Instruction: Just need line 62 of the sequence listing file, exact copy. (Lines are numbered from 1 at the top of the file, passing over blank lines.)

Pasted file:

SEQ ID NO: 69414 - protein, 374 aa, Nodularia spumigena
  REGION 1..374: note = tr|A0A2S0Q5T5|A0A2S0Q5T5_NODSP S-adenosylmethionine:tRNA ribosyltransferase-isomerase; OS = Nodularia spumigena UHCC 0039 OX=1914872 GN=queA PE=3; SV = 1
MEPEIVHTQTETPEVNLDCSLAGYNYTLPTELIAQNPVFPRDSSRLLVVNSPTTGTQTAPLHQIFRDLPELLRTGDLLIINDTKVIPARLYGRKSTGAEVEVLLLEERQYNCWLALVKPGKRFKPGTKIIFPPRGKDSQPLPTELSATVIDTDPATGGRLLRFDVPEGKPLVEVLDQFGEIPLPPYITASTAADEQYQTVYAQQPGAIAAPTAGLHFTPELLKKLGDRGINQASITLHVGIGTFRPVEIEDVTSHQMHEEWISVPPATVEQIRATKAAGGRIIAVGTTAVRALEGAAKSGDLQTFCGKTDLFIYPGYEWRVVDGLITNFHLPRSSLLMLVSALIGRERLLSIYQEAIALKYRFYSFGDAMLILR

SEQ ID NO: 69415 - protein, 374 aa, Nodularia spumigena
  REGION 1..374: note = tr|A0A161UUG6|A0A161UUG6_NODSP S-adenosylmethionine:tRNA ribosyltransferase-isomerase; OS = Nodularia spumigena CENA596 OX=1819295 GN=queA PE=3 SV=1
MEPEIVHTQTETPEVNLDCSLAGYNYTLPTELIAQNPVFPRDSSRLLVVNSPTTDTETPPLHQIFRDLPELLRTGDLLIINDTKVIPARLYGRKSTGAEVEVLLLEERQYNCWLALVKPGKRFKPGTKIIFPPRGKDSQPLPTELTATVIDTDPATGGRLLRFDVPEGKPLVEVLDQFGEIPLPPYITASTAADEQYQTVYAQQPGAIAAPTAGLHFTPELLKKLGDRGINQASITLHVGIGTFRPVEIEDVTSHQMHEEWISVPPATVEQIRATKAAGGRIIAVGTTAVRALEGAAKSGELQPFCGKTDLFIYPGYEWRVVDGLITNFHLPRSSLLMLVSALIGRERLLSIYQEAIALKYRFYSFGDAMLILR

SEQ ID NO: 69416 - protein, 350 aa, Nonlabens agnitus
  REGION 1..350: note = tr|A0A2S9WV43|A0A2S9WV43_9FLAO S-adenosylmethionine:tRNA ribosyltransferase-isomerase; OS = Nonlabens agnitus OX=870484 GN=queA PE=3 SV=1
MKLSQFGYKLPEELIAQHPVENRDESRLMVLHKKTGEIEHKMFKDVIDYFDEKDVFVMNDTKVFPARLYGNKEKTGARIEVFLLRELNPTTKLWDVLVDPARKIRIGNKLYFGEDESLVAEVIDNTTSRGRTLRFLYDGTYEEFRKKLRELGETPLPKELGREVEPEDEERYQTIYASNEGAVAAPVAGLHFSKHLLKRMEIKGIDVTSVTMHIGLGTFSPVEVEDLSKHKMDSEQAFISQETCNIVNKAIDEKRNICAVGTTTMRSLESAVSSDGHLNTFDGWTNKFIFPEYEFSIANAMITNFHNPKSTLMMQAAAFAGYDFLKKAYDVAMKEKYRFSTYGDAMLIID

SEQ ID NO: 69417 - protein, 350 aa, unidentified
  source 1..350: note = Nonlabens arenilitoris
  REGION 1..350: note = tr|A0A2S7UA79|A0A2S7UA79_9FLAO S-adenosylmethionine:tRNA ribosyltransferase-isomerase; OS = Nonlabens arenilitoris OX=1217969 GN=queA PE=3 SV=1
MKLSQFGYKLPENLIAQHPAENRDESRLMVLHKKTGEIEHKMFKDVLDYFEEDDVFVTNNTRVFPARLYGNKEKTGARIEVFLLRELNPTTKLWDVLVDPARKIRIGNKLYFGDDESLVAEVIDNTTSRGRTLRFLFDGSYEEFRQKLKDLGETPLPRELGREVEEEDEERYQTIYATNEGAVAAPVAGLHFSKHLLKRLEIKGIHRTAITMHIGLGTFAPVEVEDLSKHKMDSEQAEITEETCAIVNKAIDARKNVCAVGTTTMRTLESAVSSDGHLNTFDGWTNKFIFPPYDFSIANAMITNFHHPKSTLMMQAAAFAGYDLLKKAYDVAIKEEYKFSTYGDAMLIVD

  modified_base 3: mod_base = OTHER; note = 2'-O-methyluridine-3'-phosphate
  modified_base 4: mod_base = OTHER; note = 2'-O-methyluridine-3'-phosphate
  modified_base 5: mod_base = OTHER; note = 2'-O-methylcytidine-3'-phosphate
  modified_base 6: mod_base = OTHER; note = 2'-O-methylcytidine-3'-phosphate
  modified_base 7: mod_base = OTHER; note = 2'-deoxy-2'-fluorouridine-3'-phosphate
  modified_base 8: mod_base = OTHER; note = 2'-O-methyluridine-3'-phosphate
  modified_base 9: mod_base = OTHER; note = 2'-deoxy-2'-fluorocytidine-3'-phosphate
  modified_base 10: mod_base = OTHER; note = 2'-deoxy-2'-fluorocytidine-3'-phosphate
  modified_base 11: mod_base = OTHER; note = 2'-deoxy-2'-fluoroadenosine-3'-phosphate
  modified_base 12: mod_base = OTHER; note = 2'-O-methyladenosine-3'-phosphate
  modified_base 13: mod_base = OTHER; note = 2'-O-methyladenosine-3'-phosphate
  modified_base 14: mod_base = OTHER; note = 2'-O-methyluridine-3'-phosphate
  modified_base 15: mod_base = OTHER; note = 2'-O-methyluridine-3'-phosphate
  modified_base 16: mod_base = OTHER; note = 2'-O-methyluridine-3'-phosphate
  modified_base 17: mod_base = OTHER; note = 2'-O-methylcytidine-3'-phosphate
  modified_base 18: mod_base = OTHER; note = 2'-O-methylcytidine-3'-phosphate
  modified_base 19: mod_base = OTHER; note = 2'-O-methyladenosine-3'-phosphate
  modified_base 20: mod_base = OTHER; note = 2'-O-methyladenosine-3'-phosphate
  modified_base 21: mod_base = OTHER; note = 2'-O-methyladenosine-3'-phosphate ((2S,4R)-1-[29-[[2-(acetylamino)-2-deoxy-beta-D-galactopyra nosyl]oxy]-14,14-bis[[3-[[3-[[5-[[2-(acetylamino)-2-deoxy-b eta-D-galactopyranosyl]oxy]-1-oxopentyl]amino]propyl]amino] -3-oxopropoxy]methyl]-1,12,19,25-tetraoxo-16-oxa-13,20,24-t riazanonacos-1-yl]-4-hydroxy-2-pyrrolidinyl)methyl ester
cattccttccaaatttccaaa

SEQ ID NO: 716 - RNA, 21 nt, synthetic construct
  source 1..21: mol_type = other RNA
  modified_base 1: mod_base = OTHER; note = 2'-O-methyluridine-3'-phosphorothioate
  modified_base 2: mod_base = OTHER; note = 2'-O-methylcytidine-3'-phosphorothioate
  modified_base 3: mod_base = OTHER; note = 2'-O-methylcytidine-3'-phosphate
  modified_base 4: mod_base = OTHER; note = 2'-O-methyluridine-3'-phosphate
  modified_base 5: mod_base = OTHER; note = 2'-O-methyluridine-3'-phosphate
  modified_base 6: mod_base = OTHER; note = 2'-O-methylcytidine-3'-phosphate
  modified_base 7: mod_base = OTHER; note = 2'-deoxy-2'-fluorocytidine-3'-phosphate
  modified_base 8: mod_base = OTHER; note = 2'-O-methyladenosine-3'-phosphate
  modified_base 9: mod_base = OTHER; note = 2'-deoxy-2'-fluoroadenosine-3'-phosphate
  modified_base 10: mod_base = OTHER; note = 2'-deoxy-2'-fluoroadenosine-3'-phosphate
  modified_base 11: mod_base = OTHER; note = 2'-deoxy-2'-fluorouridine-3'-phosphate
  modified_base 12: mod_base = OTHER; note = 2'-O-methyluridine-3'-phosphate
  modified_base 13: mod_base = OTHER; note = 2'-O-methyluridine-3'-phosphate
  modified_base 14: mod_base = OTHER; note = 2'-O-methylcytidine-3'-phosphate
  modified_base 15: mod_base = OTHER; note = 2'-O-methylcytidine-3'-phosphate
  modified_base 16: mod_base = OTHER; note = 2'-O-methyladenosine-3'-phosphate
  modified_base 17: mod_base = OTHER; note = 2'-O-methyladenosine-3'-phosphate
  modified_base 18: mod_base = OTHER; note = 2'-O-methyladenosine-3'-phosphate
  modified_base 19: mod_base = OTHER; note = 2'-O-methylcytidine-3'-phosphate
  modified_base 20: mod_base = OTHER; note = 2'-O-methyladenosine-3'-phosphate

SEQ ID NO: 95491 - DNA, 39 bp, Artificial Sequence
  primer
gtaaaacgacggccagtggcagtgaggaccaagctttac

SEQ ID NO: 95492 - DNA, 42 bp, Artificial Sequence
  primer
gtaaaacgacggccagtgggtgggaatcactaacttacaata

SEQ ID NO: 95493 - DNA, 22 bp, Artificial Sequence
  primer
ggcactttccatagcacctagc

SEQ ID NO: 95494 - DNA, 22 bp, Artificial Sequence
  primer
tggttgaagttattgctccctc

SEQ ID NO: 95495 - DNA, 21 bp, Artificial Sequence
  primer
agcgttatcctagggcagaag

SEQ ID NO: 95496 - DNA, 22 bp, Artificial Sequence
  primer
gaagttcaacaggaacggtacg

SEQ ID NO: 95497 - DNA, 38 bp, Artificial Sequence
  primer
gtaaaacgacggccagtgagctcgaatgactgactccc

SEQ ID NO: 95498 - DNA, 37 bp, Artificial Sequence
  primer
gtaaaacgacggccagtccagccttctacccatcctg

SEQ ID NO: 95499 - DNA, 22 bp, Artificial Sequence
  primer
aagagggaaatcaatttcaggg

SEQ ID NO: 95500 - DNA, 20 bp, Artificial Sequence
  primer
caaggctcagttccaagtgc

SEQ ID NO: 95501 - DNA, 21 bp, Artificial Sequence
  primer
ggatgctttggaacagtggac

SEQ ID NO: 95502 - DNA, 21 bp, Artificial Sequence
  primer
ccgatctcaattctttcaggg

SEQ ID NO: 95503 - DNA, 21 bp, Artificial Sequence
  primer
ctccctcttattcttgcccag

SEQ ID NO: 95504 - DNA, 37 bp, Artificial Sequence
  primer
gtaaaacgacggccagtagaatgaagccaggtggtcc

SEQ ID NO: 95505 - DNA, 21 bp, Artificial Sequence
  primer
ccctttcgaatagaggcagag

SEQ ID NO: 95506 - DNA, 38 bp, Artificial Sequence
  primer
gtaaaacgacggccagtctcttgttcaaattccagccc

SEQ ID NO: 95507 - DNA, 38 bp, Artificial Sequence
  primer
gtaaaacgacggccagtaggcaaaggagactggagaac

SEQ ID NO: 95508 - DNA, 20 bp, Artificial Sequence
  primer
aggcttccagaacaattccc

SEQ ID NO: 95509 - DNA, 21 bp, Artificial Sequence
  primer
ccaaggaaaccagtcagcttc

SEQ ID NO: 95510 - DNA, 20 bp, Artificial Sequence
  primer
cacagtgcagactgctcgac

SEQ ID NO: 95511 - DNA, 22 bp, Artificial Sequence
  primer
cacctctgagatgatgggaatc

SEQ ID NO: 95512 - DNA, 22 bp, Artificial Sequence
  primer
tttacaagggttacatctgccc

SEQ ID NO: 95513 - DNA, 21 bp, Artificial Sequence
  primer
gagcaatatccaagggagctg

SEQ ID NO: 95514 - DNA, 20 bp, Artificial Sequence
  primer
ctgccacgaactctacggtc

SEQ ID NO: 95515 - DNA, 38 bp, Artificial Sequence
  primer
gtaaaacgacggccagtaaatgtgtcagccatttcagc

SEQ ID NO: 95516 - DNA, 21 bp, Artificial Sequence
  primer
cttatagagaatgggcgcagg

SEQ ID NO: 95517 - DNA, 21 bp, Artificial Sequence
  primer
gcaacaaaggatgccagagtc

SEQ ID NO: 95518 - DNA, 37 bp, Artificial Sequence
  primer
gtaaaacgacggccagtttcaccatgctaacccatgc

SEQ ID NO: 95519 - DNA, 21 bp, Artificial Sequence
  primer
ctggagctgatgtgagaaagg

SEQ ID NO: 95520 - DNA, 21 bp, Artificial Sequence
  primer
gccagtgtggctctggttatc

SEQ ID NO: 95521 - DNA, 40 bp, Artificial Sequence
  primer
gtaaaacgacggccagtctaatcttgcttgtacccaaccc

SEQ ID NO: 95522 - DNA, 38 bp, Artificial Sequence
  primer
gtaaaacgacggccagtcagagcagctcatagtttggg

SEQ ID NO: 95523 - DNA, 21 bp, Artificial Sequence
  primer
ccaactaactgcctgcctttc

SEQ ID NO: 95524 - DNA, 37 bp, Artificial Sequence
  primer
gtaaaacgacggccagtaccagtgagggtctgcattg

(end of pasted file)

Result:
SEQ ID NO: 95493 - DNA, 22 bp, Artificial Sequence